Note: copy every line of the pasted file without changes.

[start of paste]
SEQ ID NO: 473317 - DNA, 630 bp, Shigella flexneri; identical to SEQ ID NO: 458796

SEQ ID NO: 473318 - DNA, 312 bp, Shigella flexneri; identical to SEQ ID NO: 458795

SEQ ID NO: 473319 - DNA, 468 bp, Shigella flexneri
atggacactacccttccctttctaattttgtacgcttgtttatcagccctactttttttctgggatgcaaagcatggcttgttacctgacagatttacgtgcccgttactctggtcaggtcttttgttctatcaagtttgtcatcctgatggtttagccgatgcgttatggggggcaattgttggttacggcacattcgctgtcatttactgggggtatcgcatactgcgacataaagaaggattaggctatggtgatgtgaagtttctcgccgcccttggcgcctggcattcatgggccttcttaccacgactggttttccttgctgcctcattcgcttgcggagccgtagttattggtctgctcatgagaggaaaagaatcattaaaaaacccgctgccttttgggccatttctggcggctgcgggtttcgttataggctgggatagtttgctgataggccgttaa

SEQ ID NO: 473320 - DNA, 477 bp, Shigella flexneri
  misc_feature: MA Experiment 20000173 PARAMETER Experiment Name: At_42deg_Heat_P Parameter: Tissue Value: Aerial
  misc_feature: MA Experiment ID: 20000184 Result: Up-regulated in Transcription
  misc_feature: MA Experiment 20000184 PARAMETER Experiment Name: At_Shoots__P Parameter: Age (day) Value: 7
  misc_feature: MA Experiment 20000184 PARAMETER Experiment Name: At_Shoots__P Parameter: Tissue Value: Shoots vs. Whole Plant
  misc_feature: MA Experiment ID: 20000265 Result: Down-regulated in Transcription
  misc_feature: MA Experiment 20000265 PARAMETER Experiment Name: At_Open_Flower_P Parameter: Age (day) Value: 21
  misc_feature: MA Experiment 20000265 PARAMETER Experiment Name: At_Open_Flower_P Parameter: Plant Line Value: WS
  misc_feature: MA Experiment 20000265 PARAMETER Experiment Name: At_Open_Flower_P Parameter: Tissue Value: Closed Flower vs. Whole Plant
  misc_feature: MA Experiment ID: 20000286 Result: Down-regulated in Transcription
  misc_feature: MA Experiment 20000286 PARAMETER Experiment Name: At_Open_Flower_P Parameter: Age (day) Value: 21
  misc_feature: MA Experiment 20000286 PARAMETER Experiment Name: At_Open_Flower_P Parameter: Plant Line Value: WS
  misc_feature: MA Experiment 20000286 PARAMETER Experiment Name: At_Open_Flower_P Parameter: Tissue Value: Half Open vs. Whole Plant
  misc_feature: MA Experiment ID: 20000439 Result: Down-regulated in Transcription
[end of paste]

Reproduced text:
SEQ ID NO: 473317 - DNA, 630 bp, Shigella flexneri; identical to SEQ ID NO: 458796

SEQ ID NO: 473318 - DNA, 312 bp, Shigella flexneri; identical to SEQ ID NO: 458795

SEQ ID NO: 473319 - DNA, 468 bp, Shigella flexneri
atggacactacccttccctttctaattttgtacgcttgtttatcagccctactttttttctgggatgcaaagcatggcttgttacctgacagatttacgtgcccgttactctggtcaggtcttttgttctatcaagtttgtcatcctgatggtttagccgatgcgttatggggggcaattgttggttacggcacattcgctgtcatttactgggggtatcgcatactgcgacataaagaaggattaggctatggtgatgtgaagtttctcgccgcccttggcgcctggcattcatgggccttcttaccacgactggttttccttgctgcctcattcgcttgcggagccgtagttattggtctgctcatgagaggaaaagaatcattaaaaaacccgctgccttttgggccatttctggcggctgcgggtttcgttataggctgggatagtttgctgataggccgttaa

SEQ ID NO: 473320 - DNA, 477 bp, Shigella flexneri
  misc_feature: MA Experiment 20000173 PARAMETER Experiment Name: At_42deg_Heat_P Parameter: Tissue Value: Aerial
  misc_feature: MA Experiment ID: 20000184 Result: Up-regulated in Transcription
  misc_feature: MA Experiment 20000184 PARAMETER Experiment Name: At_Shoots__P Parameter: Age (day) Value: 7
  misc_feature: MA Experiment 20000184 PARAMETER Experiment Name: At_Shoots__P Parameter: Tissue Value: Shoots vs. Whole Plant
  misc_feature: MA Experiment ID: 20000265 Result: Down-regulated in Transcription
  misc_feature: MA Experiment 20000265 PARAMETER Experiment Name: At_Open_Flower_P Parameter: Age (day) Value: 21
  misc_feature: MA Experiment 20000265 PARAMETER Experiment Name: At_Open_Flower_P Parameter: Plant Line Value: WS
  misc_feature: MA Experiment 20000265 PARAMETER Experiment Name: At_Open_Flower_P Parameter: Tissue Value: Closed Flower vs. Whole Plant
  misc_feature: MA Experiment ID: 20000286 Result: Down-regulated in Transcription
  misc_feature: MA Experiment 20000286 PARAMETER Experiment Name: At_Open_Flower_P Parameter: Age (day) Value: 21
  misc_feature: MA Experiment 20000286 PARAMETER Experiment Name: At_Open_Flower_P Parameter: Plant Line Value: WS
  misc_feature: MA Experiment 20000286 PARAMETER Experiment Name: At_Open_Flower_P Parameter: Tissue Value: Half Open vs. Whole Plant
  misc_feature: MA Experiment ID: 20000439 Result: Down-regulated in Transcription